Illinois health facilities required
to allow support persons for person with disabilities
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[July 10, 2020]
The Illinois Department of Public Health (IDPH)
released new guidance to help families support their loved ones with
developmental disabilities. Persons with disabilities can rely on
reasonable accommodations in Illinois hospitals during their
treatment, which is more important than ever during the COVID-19
Friday’s announcement from IDPH clarifies and
strengthens a previously issued bulletin on non-discrimination in
Hospitals and health facilities should allow individuals with
intellectual and developmental disabilities (I/DD) to be accompanied
by a support person, such as a guardian, family member, caregiver,
or paid support worker during their time in the hospital.
“It’s critical that individuals with intellectual and developmental
disabilities can effectively communicate with healthcare workers
when they are in hospital settings,” said IDHS Secretary Grace Hou.
“Although serious social distancing and other COVID-19 related
precautions are still in effect, people with disabilities deserve
access to excellent health care, which often requires a support
“This guidance brings protection for patients with disabilities and
their families during this critical time,” said Allison Stark,
Director of the Division of Developmental Disabilities at IDHS. “I
hope many people can now sleep a little bit easier knowing they have
this support in these uncertain times.”
Without effective communication between medical providers and people
with intellectual and developmental disabilities, medical providers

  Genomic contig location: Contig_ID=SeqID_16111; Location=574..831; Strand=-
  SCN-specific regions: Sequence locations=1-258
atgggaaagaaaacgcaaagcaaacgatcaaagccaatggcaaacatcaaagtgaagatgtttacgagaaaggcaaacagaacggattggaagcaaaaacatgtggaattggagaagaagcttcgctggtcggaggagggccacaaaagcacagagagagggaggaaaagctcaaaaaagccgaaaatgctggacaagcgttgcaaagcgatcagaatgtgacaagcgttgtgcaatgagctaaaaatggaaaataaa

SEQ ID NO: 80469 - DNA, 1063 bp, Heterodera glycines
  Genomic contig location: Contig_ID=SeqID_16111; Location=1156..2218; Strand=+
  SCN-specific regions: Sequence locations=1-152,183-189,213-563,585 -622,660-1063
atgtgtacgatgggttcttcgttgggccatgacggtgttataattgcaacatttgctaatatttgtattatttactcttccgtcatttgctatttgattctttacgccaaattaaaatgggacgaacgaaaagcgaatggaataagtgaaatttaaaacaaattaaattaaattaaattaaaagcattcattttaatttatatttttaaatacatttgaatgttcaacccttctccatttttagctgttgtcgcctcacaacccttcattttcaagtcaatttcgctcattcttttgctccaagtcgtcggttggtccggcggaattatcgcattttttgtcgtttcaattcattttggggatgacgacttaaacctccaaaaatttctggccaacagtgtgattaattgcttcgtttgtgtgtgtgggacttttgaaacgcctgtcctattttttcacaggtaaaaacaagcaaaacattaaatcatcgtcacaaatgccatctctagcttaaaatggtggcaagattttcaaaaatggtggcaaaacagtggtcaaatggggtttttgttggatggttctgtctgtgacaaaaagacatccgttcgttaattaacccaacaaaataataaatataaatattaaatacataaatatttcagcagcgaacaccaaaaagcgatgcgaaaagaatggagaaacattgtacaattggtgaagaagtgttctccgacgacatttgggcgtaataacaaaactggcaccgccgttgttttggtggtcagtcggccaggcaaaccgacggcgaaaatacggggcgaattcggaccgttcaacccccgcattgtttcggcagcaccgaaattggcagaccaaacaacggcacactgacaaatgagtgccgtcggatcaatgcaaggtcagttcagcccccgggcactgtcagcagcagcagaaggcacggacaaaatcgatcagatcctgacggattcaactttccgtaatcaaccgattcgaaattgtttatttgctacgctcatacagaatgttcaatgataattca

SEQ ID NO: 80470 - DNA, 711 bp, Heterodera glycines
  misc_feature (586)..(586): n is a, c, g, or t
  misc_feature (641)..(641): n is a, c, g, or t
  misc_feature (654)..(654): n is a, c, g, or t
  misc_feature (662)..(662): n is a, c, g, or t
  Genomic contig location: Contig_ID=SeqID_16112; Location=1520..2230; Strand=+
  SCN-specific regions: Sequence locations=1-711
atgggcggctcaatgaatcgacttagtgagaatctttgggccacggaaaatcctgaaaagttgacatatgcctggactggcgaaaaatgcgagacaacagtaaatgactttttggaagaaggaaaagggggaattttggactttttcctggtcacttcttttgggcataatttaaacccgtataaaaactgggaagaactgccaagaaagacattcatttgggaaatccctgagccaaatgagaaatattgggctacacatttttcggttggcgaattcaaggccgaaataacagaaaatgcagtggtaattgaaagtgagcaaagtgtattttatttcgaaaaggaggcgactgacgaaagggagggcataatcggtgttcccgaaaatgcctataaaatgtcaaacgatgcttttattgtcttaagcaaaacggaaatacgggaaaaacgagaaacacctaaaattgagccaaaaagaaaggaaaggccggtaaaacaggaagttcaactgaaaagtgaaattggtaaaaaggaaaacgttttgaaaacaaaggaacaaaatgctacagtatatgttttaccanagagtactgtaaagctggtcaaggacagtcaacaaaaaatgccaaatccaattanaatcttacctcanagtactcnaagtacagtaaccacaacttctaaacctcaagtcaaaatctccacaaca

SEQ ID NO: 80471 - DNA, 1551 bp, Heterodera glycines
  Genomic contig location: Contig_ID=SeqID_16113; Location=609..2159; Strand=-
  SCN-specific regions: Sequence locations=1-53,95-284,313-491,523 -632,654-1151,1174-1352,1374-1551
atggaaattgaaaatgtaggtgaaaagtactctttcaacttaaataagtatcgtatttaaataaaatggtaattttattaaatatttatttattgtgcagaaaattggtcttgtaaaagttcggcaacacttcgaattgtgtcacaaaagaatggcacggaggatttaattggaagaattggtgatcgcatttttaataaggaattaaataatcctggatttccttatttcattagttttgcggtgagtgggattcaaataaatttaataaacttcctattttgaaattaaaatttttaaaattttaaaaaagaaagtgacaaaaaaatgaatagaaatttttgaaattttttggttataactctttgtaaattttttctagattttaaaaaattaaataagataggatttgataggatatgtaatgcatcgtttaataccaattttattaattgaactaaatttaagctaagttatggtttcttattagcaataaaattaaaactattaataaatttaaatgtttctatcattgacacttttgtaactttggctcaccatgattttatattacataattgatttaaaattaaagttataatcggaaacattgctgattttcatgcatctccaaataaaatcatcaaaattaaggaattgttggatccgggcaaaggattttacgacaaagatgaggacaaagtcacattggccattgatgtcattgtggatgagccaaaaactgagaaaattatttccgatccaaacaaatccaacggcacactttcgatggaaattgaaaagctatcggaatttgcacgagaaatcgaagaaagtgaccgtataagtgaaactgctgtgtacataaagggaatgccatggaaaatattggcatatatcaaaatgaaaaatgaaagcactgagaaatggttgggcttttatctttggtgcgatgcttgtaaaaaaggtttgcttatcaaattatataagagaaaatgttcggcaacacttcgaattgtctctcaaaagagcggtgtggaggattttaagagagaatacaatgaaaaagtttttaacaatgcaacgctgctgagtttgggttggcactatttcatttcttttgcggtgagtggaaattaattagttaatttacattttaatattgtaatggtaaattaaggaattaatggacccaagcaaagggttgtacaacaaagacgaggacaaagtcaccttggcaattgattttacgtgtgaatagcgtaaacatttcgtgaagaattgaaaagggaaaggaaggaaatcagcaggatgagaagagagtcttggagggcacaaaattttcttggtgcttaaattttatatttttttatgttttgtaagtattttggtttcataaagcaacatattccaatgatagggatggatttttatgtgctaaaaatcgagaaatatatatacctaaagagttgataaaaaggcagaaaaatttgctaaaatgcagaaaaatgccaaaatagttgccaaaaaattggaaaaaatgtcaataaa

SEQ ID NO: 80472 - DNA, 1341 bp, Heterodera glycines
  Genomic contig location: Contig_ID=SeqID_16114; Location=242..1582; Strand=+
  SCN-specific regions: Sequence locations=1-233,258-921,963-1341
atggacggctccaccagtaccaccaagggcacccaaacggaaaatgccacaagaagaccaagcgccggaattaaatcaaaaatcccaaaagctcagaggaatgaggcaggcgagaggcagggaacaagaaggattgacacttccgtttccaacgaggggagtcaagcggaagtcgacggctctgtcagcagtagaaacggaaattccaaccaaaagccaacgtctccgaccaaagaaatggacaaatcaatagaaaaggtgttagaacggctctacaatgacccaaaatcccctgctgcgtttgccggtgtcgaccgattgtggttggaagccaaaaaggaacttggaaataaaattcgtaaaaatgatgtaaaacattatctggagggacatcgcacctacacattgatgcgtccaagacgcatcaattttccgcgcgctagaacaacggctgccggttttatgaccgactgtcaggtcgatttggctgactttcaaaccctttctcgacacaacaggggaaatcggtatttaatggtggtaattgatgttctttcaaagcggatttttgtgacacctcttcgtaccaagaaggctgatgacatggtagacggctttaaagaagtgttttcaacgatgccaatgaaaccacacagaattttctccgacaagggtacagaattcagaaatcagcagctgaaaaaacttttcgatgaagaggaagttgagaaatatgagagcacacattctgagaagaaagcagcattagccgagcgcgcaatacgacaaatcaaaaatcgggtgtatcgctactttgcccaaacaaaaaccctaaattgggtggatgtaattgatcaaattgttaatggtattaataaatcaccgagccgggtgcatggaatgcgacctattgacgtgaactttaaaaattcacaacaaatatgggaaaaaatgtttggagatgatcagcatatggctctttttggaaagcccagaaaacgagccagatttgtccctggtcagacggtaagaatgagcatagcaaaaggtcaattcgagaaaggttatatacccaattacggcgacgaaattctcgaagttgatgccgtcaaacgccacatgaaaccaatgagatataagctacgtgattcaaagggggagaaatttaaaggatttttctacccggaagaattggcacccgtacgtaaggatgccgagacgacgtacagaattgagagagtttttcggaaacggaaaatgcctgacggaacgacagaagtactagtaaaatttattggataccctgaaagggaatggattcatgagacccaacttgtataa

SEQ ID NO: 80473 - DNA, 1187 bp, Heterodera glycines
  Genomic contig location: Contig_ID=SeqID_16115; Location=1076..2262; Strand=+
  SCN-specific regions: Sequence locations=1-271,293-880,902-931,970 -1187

risk substituting misplaced assumptions and potential biases about
the person with a disability for verifiable information and medical
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In addition, effective communication leads to better
transparency in process and protocols, which helps to ensure that
the medical provider and the person with a disability understand
each other and agree.
The IDPH guidance asks hospitals to establish a protocol that allows
at least one support person to be present with any individual with
I/DD in a hospital emergency room and to accompany individuals
admitted to the hospital.
For hospitalized patients, especially those with prolonged
hospitalizations, the individual or legal guardian should be allowed
to designate two different support people.
The support person should always adhere to hospital policies and
wear a designated identification tag provided by the hospital.
Specifically, support persons must wear hospital-provided Personal
Protective Equipment, as directed, and comply with all hospital
infection control procedures.
[Text from file received from